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Customer-Lifetime-Value

Personal story: I remember trying to help get a new account for a hotel. Our sales people could not even get a response. I knew someone at that company but still kept getting push-back from the contact. Finally, my connection told me that the CEO would never do business with us. He was once walked to another hotel* and vowed never to use our brand again. This cost the entire hotel brand millions of dollars per year.

My dad (family are networks too) knew this CEO and called him on my behalf. The CEO agreed to meet with me. After pleading not to be judged on one incident in a different location, he shifted the business to our hotel. He still wouldn’t use the rest of the brand. Eventually the CEO moved on and the company started using this brand again. I don’t recall the exact numbers but the business loss was somewhere in the neighborhood of $10 million. Why? Because we didn’t know the value of our customer. I say we because it could happen anywhere. The employee couldn’t have known the value of that customer. There was no information like that available. The employee couldn’t have planned better. When the incident happened at 2am, the decision was already made. __________________________________________________________

Most of us have heard an upset customer say one or all of these things.
“You don’t know who I am”
“I am the ____________ for _________ and I make the purchasing decisions”.
“When I get back, I am going to tell ________________”.

What is a customer worth?
There are:
Stats.
Analytics.
Metrics.
Studies.
Averages.
Estimates.
Gauges.
Rules of thumb.
Guesses.

Just plug the term ‘lifetime customer value’ into your favorite search engine. There are countless formulas, algorithms, and theories. There are also disturbing terms like churn and cycle. Maybe because we have only looked at them as numbers. There is no one single answer. That customer may buy a pack of gum and is never seen again. We only know what a customer is worth when we know who they are and what they do.

We should be an advocate for always taking care of the customer (or choose another way to make money) . We should make things right when we mess up. We should be constantly striving to turn an unhappy customer into a sales person.

Sometimes we might need to recognize that they are not the right customer for our particular business. Do both of us a favor and tell them where they may be happier. Give them directions and a phone number. They may call and thank us later.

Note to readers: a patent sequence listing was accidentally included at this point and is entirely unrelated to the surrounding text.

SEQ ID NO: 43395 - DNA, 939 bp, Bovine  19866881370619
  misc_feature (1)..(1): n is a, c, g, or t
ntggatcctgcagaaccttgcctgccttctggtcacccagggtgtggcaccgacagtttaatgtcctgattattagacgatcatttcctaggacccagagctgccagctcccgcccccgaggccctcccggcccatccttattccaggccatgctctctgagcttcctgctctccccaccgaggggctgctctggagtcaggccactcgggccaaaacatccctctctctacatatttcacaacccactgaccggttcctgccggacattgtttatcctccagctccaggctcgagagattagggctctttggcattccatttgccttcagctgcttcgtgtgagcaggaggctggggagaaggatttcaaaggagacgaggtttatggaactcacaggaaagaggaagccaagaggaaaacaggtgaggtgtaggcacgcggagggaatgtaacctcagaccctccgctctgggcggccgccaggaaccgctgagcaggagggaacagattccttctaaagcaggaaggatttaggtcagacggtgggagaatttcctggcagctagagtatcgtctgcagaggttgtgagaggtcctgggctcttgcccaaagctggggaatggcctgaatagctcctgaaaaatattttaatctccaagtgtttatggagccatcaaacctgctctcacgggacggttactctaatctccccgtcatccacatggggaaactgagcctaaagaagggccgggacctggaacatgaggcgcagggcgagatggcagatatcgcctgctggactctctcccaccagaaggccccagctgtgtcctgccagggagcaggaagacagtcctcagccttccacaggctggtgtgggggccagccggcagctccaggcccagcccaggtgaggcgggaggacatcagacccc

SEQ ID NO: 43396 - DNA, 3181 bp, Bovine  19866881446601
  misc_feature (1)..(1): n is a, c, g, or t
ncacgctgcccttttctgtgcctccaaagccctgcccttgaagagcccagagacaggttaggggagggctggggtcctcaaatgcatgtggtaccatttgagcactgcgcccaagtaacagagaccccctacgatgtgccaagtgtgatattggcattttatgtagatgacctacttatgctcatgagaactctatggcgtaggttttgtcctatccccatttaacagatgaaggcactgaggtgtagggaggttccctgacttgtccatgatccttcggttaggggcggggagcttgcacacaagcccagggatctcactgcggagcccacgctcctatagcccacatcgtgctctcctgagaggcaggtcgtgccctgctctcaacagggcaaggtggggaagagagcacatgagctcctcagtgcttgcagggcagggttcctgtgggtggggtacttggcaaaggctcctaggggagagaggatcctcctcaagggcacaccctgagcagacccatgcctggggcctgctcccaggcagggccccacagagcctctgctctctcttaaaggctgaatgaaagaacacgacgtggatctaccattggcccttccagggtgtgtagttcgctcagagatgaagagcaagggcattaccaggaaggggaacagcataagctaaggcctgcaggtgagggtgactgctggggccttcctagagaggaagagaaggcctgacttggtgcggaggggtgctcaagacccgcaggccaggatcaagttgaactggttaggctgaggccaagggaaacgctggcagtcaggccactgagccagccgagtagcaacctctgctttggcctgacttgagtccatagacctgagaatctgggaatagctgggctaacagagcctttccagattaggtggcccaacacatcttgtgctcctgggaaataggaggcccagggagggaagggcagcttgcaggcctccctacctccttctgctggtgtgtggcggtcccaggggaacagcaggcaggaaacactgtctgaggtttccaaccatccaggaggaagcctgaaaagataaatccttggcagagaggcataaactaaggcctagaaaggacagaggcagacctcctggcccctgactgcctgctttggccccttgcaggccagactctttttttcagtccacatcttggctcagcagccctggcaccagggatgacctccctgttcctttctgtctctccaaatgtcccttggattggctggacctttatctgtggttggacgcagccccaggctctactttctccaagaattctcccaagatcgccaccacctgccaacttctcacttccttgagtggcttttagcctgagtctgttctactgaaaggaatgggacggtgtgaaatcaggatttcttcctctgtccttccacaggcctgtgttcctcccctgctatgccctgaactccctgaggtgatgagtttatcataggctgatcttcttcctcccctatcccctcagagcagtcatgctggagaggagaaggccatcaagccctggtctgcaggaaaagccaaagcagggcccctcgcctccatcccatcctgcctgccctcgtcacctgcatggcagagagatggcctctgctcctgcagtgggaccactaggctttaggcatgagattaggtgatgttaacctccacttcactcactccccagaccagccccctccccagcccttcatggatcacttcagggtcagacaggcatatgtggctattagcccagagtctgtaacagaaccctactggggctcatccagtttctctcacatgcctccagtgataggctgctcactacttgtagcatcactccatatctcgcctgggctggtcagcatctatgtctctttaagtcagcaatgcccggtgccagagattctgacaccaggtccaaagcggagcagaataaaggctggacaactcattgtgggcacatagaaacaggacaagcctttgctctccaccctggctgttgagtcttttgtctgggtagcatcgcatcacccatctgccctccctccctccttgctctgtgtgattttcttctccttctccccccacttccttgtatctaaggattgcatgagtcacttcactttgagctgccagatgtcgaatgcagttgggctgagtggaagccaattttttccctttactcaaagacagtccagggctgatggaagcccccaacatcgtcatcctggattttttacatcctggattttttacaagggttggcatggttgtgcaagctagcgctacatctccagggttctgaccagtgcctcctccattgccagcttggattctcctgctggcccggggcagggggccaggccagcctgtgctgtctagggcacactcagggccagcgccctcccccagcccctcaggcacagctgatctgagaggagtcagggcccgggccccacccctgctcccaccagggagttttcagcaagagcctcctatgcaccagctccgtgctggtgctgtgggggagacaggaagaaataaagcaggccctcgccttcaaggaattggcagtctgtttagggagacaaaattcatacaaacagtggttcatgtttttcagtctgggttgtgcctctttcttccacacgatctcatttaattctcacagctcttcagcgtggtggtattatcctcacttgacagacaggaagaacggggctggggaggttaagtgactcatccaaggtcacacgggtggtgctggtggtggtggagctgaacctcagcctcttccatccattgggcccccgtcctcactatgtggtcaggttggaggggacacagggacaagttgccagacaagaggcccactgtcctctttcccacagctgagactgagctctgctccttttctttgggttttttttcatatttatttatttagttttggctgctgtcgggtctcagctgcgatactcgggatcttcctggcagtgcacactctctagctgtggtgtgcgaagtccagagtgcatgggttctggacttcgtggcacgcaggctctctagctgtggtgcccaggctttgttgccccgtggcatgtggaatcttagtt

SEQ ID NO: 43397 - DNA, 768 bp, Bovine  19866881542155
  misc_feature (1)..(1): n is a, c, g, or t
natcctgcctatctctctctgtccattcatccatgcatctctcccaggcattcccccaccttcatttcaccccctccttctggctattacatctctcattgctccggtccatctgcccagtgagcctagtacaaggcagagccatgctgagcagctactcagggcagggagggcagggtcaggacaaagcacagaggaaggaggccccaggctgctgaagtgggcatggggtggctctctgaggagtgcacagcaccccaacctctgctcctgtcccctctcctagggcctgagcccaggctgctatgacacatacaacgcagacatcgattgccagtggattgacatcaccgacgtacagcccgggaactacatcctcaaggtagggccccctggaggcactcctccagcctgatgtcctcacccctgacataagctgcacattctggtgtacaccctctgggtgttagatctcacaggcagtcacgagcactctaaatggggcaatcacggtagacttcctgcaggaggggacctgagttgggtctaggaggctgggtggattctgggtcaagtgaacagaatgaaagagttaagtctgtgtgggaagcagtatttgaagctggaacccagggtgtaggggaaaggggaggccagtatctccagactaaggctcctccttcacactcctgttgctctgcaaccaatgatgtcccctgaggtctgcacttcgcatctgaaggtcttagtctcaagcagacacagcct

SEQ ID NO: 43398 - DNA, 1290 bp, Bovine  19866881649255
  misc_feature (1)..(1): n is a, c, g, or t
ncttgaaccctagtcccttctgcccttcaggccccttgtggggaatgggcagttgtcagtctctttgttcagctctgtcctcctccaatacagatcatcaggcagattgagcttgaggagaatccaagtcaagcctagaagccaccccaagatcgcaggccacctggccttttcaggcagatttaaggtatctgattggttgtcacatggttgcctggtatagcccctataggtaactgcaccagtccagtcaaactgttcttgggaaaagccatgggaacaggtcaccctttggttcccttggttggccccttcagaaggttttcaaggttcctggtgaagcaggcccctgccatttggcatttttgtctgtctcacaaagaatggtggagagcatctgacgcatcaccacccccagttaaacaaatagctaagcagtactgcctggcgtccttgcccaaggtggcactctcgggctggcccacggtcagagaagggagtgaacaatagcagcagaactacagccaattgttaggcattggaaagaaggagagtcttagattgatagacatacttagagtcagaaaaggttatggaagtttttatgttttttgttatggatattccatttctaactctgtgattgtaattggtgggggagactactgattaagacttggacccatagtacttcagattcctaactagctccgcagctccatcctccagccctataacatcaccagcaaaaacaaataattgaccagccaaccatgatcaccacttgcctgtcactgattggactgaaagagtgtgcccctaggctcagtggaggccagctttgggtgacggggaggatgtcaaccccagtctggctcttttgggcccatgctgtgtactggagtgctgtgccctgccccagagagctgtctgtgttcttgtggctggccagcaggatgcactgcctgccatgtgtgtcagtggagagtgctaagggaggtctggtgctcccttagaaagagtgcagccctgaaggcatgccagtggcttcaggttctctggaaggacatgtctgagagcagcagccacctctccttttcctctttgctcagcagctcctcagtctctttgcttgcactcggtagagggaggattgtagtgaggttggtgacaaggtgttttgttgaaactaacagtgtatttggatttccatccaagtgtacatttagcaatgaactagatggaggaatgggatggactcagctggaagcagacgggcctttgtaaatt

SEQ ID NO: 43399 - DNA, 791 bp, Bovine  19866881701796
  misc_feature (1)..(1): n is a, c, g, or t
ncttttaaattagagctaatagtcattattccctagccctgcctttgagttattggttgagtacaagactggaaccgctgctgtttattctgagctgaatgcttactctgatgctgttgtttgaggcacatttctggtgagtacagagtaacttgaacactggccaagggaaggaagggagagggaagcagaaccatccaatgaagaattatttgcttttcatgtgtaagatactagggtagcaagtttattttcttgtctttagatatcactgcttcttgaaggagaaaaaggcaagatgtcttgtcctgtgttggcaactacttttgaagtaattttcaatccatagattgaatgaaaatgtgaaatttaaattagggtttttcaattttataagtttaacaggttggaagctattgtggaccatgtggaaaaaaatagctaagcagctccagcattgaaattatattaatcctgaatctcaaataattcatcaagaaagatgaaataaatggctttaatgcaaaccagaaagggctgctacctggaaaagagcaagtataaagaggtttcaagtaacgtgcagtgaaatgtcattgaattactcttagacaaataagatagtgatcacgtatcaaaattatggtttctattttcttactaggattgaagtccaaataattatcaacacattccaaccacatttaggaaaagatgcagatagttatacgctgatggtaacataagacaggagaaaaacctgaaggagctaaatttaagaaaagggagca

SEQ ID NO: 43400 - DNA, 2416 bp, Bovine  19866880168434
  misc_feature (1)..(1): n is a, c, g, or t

We may never know who that customer is and what they are worth. The customer could be worth a pack of gum, or the start of something beautiful. Maybe they will send us business or maybe they will buy our business.  If we don’t know, let’s treat them like they are worth $10 million until they prove us wrong.

What is a customer worth? They are not all the same. Tell us about them. Tell us what they do. Tell us their position. Tell us how many connections they have. Tell us how many other [potential] customers they talk to. Just knowing their pattern isn’t enough. We have to know their sphere of influence. Could they be our next free sales person?

Have the courage to discover the value of our customer. Have the courage to look deeper. Have the courage to not to look at them as a statistic. The more we know may just change our perception about their value.

Do you have a story about the value of a customer? Maybe you under/over estimated someone? Please share it in the comments below.

*Walked to another hotel = moving to another hotel when oversold. Every hotel (and airline) has these situations. The bottom line is that hotels have to play the averages. They have inventory that expires every night. While they ask for a guarantee; plans change. People don’t show up. People show up early. People that were supposed to check-out leave their belongings in the room and leave for the day. Sometimes due to weather, emergencies, forgetfulness, someone else messed up the reservation, etc. Sometimes their credit cards are not valid. Hotels don’t like overbooking.  But with expiring inventory and no show reservations almost every night, there is no choice. The relocation of some guests will happen until everyone is perfect. When things go bad at 2am, it’s all about the recovery process. We might just turn that relocated guest into a lifetime customer.

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